Tickets not being responded to?  Callbacks taking days?  Account manager not returning your voicemails?  Dropped calls, short-staffed or flat out no one to help?  These are just a few signs that your IT Managed Services Provider (MSP) was not prepared to support you during the current pandemic.

We are hearing from quite a few companies that their businesses took a backseat to their IT provider trying to find its own footing during the Pandemic.  Companies must understand the risk of working with an underprepared MSP. Your organization can lose tens of thousands of dollars in revenue, opportunities, and suffer reputation damage because of your MSP dropping the ball.  The core responsibility of any MSP is being ready to help your business when you need it most.

What’s the Risk?

When dealing with and MSP who is not prepared for a catastrophic event impacting their business as well as their clients, they are violating a fundamental trust between the two organizations. They are creating unnecessary risk to their clients.

There are three major risk areas that directly impact a company when working with an underprepared MSP.

System Security:

Unprepared MSPs do not have the necessary staff, planning, or processes in place to change the way they work during a disaster without risk to YOUR company. During an unplanned disaster or major incident, MSP work routines will breakdown, and access to the systems they use to support their clients will change. Changes may include quickly building VPNs for their service desk to work from home or giving system access to employees without using a formal process to review and document the security impact of that change.  When frantic changes happen, client data and systems are put at risk.  Client passwords could be downloadable to personal employee computers.  The remote support software used to help clients may be opened up without advanced security. Any number of issues associated with unplanned changes to secure systems could occur.

Business Continuity:

If your MSP is scrambling to get THEIR OWN systems online during a disaster, how effective can they be ensuring YOUR systems are online?  An MSP should see itself as an essential business, with a first responded mentality.  Last out- First in.  When a business needs to be online during a major business interruption, they should not have to wait on their MSP to figure out how to get online too.  An MSP should have a plan and process for working during major issues that impact their region and client base simultaneously.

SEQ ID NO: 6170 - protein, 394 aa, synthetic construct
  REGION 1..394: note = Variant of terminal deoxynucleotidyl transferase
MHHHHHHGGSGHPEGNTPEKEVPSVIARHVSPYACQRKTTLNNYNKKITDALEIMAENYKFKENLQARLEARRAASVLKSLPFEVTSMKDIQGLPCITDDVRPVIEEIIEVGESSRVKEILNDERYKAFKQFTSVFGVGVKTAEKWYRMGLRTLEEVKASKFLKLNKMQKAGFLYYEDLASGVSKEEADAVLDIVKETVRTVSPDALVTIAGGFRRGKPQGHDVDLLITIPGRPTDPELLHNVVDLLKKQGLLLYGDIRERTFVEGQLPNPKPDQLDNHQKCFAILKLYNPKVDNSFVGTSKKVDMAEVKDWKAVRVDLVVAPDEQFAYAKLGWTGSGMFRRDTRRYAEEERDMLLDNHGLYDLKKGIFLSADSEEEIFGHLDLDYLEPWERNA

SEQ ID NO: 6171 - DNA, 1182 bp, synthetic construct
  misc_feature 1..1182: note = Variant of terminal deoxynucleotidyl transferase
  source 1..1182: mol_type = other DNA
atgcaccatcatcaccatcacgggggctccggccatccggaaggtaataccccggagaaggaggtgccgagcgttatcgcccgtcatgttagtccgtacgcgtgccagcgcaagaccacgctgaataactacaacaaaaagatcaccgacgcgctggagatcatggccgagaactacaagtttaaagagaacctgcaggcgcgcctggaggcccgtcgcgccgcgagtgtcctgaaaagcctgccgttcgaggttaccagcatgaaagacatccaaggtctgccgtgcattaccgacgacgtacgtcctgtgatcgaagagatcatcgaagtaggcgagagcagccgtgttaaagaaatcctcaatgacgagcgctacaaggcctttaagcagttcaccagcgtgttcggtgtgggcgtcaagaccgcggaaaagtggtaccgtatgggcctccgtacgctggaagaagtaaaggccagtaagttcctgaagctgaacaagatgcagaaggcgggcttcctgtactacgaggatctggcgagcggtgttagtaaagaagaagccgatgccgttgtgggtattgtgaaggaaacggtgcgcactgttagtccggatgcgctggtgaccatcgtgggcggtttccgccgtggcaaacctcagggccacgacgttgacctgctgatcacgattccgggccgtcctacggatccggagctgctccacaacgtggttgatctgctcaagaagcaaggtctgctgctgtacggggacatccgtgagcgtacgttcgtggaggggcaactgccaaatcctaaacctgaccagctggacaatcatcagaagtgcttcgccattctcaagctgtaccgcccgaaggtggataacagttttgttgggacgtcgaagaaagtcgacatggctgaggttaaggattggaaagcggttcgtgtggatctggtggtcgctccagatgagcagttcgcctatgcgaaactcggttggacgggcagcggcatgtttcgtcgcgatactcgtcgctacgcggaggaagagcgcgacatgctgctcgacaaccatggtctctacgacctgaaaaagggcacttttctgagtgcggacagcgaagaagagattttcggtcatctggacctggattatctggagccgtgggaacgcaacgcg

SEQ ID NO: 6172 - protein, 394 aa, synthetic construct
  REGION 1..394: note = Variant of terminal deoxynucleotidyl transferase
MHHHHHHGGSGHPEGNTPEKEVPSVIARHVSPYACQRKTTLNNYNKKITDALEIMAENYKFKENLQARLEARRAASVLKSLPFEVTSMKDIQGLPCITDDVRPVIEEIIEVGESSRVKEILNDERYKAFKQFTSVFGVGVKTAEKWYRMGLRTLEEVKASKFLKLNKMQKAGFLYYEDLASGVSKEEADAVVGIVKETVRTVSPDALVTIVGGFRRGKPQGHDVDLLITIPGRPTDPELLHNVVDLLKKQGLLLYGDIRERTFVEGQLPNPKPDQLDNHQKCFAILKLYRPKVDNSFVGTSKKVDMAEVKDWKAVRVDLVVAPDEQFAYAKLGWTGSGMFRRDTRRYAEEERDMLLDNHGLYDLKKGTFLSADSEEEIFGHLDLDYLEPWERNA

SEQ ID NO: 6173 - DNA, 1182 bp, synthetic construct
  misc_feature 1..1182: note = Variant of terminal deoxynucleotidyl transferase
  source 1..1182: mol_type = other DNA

Professional Reputation:

If your company is unable to provide services to your customers during a major incident, your business reputation will suffer.  You may lose clients.  During times of crisis, customers will need to rely on their partners and providers.  Not only is it critical for your business to be online and available for your clients, but you should consider being available to take market share from your competitors. Find a way to act quickly to support your industry.

What Do Businesses Need to Know?

There are a few simple things businesses should discuss with their MSP regarding Incident Response and Business Continuity:

  • Ask your MSP to provide you their written Incident Response Plan (IRP).  You should be able to review the plan, ask questions and understand how your company fits into the plan.
  • Ask your MSP how often they test their IRP and how do they test it.  For the plan to be effective, it has to be periodically tested like a fire drill.  The plan should be tested as a “live-fire exercise” often throughout the year.  The plan should be reviewed and all employees should be trained on the plan.
  • How is YOUR data secured with your MSP?  Your business data such as passwords, IT processes, network diagrams, systems configurations, and remote access software are in the hands of your MSP.  You have the right to ask how this data is secured.  Multi-Factor Authentication (MFA) should be implemented on all systems that store data for your company.  Passwords should be stored in a secure password manager with audit trails, user rights assignments and at least 3 levels of authentication.
  • Can your MSP work without an office?  Your business should know that your MSP is capable of working as a distributed workforce, securely.  Your MSP should have encrypted laptops for all employees, cloud based tools for the full support of your business. The use of secure video conferencing software for regular meetings with your account managers and online bill payment options are signs of a mature MSP.

Take the time to ask questions of your MSP and understand that you have options on who you use as a provider.  If you feel like you are not getting the answers that will benefit your business, it may be time to make a change to a more mature MSP.

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